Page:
It is possible Schulte was trying to keep Michael away from his screen while he stole the CIA’s most valuable hacking tools. And it seems that Michael was suspicious. Because in the reams of electronic documents the FBI went through during its investigation, it found a screenshot Michael had taken, on his computer, that showed him monitoring the exact server the tools were stolen from while they were apparently being stolen.
Michael never mentioned the screenshot. And when quizzed about it, he admitted he had taken it but refused to discuss it any further. And he wasn’t obliged to either: any interview of a CIA agent by the FBI is voluntary.
However, one day after Michael refused to explain why he had a screenshot of the server while its contents were being drained, the CIA put him on administrative leave, noting that it “views Michael's lack of cooperation as a significant and untenable risk to the security of the operations on which he now works and any new tools he deploys."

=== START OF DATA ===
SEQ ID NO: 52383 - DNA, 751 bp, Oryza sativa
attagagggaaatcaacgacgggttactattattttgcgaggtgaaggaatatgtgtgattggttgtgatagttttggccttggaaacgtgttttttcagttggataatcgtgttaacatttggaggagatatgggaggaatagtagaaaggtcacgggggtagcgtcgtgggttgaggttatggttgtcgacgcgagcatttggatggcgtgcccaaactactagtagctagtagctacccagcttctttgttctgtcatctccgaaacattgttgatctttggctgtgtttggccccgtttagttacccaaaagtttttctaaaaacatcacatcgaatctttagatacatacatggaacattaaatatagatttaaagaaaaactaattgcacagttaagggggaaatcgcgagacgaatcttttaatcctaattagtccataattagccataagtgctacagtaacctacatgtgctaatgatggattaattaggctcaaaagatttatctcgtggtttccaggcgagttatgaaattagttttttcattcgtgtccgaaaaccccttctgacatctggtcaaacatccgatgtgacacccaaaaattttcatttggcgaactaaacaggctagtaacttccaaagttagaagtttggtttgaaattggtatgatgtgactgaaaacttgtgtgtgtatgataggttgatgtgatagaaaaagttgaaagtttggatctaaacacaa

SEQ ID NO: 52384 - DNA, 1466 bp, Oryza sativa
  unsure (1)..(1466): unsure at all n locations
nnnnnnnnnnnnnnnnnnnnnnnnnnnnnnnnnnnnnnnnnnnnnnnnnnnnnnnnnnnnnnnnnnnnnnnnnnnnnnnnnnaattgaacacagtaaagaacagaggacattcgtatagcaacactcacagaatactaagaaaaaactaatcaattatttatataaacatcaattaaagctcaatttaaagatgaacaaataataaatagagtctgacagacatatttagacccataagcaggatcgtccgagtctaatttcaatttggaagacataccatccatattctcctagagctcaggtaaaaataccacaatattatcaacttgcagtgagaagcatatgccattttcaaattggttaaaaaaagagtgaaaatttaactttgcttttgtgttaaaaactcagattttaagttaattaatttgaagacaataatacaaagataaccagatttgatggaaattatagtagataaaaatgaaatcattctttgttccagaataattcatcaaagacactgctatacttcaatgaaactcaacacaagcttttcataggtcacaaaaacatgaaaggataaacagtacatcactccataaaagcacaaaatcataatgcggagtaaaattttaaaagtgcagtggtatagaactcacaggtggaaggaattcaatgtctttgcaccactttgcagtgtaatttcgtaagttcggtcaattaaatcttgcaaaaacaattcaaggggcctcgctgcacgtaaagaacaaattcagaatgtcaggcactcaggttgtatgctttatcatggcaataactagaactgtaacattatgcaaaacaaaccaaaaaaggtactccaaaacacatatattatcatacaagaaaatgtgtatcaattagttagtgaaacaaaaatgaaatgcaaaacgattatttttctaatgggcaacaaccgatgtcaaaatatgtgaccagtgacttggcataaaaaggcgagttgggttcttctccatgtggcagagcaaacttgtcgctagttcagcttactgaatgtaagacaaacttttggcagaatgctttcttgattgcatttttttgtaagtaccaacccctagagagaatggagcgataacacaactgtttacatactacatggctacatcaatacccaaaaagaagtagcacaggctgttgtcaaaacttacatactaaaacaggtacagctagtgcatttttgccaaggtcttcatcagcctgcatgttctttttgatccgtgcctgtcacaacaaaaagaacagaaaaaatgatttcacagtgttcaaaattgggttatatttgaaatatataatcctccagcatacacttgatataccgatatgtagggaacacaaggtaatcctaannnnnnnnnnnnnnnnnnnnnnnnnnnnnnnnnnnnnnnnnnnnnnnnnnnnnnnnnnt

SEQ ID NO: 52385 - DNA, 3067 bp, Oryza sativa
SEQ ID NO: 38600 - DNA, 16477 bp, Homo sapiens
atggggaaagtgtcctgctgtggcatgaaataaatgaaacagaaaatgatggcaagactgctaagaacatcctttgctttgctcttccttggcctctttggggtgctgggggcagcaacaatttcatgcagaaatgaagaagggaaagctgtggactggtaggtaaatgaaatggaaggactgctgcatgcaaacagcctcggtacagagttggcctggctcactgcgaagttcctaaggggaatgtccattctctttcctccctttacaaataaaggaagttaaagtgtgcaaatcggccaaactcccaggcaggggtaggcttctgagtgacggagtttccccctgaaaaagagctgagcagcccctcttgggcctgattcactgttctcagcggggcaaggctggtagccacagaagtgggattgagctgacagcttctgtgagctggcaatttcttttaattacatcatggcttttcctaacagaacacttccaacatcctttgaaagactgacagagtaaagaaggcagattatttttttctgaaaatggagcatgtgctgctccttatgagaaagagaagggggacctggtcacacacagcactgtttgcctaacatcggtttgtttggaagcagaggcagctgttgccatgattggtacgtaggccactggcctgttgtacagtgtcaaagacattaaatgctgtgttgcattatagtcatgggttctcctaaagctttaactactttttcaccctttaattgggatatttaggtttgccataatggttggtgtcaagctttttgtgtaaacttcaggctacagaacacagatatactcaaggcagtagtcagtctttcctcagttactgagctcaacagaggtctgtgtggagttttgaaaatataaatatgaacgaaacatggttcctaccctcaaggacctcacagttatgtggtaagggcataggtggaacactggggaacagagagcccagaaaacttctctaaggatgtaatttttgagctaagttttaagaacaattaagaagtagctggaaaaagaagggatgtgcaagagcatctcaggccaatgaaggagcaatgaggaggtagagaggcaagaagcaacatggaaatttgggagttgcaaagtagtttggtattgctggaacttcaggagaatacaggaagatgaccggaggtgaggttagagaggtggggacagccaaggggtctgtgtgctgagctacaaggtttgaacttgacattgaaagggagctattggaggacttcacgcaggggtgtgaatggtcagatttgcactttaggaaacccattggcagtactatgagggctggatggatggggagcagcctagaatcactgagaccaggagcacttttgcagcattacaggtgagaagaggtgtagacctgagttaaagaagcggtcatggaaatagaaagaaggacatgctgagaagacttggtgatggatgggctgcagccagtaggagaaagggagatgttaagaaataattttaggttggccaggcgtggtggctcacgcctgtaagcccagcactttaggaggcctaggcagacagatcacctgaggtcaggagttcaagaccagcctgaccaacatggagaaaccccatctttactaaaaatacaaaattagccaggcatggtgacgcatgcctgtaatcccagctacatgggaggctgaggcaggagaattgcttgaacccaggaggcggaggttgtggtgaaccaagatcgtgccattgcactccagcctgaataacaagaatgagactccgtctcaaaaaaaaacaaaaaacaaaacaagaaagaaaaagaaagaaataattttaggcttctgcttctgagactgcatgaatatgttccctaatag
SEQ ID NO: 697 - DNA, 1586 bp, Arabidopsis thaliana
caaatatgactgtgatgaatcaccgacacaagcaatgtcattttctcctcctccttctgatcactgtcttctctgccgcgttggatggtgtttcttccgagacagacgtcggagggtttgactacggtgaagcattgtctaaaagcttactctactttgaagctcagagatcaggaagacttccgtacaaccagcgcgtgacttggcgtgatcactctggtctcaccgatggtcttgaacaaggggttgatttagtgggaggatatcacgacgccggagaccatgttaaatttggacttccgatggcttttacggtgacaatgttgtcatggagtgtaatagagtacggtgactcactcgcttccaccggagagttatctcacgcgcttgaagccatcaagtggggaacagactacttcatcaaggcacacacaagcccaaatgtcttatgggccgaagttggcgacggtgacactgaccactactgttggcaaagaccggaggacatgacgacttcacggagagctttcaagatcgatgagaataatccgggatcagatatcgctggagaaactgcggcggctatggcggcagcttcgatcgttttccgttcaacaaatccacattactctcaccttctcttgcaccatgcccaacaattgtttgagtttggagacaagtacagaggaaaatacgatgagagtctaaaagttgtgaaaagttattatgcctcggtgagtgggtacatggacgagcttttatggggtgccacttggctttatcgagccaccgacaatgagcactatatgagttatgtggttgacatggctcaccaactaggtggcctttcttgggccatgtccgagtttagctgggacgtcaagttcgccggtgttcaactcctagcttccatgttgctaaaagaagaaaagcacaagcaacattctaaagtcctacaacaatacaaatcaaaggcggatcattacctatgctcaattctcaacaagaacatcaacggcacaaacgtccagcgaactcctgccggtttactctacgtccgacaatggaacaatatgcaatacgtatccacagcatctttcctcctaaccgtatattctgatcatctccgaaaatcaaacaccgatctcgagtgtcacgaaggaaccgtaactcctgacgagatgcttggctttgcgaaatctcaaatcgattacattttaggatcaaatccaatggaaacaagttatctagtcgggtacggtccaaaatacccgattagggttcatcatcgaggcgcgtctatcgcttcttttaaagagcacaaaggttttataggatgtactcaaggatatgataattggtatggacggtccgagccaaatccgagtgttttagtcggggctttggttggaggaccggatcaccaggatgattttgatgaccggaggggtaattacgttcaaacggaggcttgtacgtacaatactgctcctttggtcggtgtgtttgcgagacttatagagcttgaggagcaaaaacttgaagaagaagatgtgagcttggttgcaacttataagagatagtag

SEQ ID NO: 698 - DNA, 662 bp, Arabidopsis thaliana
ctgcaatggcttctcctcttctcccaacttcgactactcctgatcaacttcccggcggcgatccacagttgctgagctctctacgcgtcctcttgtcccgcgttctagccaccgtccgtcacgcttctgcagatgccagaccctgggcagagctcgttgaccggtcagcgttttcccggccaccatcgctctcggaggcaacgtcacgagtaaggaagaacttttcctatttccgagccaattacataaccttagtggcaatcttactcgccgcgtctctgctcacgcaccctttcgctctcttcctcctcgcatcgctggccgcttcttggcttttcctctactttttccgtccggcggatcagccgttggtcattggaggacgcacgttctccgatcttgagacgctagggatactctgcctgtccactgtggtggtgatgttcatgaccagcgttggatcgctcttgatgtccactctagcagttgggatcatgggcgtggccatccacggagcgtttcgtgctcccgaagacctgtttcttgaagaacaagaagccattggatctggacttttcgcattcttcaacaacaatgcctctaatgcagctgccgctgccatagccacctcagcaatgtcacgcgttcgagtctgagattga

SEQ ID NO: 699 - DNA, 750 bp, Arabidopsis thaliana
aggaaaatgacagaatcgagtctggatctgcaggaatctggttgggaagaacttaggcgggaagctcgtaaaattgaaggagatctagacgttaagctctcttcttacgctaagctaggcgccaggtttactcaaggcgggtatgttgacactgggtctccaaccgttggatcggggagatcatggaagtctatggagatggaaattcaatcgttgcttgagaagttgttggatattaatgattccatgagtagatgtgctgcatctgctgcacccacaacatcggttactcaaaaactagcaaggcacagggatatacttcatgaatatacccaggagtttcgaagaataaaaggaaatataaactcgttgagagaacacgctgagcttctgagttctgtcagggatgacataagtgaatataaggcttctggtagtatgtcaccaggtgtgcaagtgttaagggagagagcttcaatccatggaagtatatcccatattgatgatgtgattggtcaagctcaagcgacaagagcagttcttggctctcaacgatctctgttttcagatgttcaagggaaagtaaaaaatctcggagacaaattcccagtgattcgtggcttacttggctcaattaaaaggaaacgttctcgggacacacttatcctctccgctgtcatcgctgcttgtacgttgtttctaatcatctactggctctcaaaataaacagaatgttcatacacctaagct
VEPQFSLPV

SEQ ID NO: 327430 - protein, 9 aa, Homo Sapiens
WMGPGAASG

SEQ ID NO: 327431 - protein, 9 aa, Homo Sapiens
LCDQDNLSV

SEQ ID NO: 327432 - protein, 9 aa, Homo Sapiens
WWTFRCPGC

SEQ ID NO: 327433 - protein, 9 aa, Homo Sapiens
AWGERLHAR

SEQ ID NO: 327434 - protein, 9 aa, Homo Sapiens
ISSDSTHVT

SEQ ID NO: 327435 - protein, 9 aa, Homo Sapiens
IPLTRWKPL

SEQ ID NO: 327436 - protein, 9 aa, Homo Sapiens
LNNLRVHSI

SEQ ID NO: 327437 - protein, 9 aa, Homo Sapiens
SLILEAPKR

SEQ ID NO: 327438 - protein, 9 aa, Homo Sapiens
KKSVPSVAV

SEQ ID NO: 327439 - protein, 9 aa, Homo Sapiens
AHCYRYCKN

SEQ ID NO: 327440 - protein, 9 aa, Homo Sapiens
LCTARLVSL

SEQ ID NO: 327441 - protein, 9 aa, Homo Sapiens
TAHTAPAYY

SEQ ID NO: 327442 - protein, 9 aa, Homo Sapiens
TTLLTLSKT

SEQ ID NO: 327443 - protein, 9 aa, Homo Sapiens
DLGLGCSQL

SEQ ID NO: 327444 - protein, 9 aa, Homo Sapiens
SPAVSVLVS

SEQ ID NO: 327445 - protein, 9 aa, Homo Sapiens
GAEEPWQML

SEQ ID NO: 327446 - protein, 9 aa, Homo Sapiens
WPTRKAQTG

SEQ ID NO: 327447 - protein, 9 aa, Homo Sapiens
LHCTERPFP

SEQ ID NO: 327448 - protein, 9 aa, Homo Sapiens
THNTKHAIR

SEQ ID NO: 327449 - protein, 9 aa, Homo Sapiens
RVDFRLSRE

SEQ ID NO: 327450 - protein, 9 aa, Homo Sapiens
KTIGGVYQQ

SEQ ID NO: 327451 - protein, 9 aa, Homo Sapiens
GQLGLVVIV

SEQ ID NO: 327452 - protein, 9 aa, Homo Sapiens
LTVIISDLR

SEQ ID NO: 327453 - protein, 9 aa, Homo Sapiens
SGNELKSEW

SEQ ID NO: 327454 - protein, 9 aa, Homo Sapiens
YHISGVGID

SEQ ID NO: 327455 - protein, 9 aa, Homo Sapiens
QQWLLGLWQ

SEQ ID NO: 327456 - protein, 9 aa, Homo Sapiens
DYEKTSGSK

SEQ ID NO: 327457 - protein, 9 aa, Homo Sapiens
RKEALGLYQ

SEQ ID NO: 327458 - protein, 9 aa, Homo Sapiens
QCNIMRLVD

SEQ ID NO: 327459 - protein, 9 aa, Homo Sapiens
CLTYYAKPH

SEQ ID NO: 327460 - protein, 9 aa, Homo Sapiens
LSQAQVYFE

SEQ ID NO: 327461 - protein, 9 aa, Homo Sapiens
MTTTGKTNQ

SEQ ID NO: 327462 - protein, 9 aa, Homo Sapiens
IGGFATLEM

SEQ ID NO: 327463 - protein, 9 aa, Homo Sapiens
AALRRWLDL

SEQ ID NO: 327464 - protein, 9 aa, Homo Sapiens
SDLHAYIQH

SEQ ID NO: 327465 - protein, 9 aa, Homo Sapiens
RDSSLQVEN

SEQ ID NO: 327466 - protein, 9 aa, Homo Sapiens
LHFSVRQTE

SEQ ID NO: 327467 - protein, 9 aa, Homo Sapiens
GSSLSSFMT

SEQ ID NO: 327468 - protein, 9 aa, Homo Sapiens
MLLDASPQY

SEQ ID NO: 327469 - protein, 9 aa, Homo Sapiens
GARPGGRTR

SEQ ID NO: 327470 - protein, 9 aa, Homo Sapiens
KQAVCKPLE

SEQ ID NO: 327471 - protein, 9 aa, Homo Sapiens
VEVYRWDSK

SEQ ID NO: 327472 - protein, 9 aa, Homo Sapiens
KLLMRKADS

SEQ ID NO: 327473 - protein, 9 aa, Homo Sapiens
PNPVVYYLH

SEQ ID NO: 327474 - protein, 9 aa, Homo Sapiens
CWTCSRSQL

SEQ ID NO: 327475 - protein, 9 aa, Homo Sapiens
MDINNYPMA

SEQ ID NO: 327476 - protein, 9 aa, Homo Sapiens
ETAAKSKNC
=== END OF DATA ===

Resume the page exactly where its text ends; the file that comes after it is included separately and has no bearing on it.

It also explained that Michael was being suspended for “his unexplained activities on the computer system from which the ... data was stolen, known as the DevLAN, and raises significant concern about his truthfulness, trustworthiness, and willingness to cooperate with both routine reinvestigation processes and the criminal investigation into the theft from his office.”
Michael testified against Schulte at his trial. But he never mentioned being put on leave, and the government only supplied the suspension to the defense after he started testifying, removing any real opportunity Shroff had to dig into what had happened [PDF] and why.
She still doesn’t know. Nor do the jurors. They now have to decide whether Joshua Schulte – King Josh, the Vault Asshole – is guilty of selling out the CIA, and put him away for most of the rest of his life, or whether he was just a difficult man in an extraordinary job who has been setup, knowingly or not, by a spy agency intensely embarrassed by the loss of some of its most valuable weapons. ®